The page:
'Discriminate': Gas giant bites back, defends Curtis Island project
SANTOS leaders have hit back at new government gas reforms, claiming the company's GLNG project on Curtis Island is being unfairly targeted.
From July 1 a new domestic gas reform will allow the Turnbull Government powers to restrict international gas exports if the domestic market faces a shortage.
The move follows two meetings between the Prime Minister and leaders behind the three gas plants on Curtis Island.
It's expected to influence Santos's GLNG venture most, being the site that uses the most third party domestic gas to fill international contracts out of all three projects.
About 60% of its exports are filled by third party domestic gas.
Defending the $24.1 billion GLNG project, Santos chairman Peter Coates said without it most of Queensland's CSG fields and pipelines would still be undeveloped.
"I want to make it clear that not one of the three Queensland LNG projects could have been sanctioned on the basis of domestic demand and pricing alone," Mr Coates said.
"Without access to the export opportunity, there was no viable commercial case for any of the Queensland CSG fields or pipelines to be developed."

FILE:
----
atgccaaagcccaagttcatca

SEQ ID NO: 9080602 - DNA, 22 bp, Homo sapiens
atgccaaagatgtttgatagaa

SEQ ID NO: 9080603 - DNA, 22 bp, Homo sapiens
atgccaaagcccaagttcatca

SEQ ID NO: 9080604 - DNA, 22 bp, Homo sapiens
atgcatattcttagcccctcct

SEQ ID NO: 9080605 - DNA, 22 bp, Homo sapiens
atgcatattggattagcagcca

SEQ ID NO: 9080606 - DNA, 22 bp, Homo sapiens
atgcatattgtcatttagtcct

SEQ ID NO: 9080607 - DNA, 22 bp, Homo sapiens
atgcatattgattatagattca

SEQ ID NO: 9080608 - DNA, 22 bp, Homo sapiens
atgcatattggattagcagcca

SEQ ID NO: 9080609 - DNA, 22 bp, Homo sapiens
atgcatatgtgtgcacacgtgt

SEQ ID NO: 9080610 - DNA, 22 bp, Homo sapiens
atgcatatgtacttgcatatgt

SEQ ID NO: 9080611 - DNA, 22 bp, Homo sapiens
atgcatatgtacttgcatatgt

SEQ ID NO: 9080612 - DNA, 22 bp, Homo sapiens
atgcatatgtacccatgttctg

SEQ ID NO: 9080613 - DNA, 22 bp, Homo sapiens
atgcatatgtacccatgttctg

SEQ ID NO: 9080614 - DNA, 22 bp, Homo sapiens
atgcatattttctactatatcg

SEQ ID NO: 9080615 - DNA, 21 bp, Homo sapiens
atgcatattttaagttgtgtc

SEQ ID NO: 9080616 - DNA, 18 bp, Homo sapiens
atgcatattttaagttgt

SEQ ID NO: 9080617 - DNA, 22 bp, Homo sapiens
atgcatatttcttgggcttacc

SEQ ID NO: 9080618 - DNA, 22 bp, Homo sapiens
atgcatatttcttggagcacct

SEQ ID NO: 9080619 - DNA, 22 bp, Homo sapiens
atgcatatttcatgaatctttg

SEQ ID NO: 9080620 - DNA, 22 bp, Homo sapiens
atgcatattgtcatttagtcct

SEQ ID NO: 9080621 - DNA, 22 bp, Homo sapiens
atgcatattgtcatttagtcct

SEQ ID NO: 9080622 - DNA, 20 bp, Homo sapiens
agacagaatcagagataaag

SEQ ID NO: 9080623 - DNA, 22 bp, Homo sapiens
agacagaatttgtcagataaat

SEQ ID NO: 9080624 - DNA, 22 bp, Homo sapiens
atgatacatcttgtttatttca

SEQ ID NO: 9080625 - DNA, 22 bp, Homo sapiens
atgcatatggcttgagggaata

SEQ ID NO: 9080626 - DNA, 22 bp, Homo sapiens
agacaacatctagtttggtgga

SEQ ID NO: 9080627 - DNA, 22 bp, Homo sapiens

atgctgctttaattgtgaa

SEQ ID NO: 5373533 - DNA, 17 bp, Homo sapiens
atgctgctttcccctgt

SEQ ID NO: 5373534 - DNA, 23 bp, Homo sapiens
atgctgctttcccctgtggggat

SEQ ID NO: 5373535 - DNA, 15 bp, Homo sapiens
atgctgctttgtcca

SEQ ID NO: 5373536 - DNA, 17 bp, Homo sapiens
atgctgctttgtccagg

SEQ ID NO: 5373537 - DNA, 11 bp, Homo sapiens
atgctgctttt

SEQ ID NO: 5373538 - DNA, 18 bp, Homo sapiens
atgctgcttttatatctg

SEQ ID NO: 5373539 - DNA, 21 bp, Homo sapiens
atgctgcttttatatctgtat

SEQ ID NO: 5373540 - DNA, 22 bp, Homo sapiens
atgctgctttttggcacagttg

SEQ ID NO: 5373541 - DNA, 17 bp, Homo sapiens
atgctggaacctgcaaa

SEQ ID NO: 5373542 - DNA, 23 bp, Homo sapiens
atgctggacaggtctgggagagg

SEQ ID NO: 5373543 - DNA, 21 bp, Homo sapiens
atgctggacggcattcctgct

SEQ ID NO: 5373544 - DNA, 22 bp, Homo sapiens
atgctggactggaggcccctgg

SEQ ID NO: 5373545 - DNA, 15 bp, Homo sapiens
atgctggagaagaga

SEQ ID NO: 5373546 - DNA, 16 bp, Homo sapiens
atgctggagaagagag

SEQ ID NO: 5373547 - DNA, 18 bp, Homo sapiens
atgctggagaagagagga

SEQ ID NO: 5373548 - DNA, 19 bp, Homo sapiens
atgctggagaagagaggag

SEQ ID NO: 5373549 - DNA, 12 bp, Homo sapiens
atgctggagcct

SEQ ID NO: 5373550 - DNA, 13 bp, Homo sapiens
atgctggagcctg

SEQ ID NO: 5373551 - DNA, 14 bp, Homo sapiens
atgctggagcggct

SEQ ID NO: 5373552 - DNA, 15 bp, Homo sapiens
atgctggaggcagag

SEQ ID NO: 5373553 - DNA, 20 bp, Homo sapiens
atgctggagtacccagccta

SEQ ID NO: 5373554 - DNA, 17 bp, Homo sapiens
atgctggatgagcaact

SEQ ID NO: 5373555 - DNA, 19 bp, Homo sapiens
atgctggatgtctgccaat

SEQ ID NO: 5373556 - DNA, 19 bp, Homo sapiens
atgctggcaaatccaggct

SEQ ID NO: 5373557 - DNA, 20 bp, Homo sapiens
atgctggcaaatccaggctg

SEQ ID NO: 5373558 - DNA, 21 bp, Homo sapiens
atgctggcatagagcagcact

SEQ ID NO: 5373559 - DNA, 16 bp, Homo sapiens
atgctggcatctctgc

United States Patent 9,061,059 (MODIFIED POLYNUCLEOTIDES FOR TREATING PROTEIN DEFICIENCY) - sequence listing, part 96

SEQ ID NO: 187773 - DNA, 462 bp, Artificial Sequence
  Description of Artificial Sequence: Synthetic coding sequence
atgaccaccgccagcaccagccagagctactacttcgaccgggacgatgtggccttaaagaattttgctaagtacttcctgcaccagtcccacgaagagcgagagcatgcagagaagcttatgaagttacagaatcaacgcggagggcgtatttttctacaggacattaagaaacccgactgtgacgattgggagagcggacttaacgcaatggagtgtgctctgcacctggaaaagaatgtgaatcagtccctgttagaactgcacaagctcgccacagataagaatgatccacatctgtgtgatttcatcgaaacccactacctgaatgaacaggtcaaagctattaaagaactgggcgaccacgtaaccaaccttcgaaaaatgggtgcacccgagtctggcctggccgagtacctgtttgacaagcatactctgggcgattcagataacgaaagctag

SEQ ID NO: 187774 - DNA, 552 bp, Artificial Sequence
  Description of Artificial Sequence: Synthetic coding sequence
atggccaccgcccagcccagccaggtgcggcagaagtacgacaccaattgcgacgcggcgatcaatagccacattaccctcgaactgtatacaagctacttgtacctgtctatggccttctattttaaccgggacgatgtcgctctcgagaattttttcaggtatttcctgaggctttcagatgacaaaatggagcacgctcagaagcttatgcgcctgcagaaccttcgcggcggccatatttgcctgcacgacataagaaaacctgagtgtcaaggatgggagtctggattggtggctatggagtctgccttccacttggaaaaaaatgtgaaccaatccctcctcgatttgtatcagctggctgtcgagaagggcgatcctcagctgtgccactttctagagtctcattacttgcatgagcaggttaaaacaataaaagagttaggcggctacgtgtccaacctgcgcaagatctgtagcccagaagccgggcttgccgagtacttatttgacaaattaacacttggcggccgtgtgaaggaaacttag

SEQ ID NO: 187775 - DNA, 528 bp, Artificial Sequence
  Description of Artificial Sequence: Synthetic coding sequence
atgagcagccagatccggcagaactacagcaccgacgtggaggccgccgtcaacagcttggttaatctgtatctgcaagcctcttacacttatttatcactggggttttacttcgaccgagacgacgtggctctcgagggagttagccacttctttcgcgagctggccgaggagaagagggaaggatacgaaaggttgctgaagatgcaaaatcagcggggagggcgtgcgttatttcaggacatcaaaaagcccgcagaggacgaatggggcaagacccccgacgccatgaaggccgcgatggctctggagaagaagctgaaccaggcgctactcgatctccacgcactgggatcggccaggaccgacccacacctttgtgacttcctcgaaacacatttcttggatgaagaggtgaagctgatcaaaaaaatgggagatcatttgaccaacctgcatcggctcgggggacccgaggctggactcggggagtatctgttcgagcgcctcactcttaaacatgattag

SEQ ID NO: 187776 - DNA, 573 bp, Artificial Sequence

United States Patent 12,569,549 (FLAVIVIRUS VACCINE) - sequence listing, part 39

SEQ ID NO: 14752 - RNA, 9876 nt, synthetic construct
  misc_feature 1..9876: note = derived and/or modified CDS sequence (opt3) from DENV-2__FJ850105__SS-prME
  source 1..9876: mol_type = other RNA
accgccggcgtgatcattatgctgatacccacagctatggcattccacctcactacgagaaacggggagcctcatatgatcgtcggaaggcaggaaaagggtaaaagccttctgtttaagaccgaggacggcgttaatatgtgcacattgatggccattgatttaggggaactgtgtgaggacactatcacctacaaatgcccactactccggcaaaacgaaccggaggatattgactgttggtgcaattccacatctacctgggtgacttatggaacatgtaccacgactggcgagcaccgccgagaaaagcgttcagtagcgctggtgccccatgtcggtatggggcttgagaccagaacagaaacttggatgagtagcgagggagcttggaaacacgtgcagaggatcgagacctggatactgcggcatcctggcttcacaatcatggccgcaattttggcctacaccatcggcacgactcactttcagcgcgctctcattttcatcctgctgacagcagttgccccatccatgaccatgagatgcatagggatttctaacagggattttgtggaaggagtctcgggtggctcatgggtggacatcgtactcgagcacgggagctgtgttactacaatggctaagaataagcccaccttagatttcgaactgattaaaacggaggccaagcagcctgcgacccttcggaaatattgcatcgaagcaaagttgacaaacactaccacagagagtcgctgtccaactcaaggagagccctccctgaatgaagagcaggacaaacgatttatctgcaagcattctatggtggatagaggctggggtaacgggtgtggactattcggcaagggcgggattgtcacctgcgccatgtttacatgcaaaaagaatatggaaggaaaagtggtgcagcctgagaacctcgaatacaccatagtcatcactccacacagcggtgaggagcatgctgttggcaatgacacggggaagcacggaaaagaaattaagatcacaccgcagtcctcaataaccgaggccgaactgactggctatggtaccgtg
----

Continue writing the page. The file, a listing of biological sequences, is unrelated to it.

Santos managing director and chief executive Kevin Gallagher said the new government reforms discriminated against GLNG.
"It is disappointing that the proposed measures discriminate against Santos and GLNG rather than restricting exports from all LNG projects," Mr Gallagher said at the company's annual general meeting this week.
"The current domestic supply issue is not the fault of LNG projects at Gladstone.
"It is the result of a complete failure of regulation in the wholesale gas market and actions by state and territory governments to ban or restrict exploration and production."
Mr Gallagher said Santos has 32 direct supply contracts in Australia, including major manufacturers and resources companies.
Santos has long argued that GLNG was approved with knowledge it would need third party gas to fill export contracts.
An Energy Edge report released last month found the GLNG site has bought up to 500-600 terajoules of coal seam gas a day for its own production.
In comparison, the whole east coast market from Queensland, New South Wales, Victoria and Tasmania needs about 1250 terajoules a day.
Mr Coates, who announced this week he will step down in coming months, disputed the supply shortage fears.
"There is no shortage of gas, but there is a shortage of uniform government recognition, commitment and support for ongoing orderly development of adequate supply to the east coast market," Mr Coates said.
"We haven't got a gas crisis, we have a policy crisis."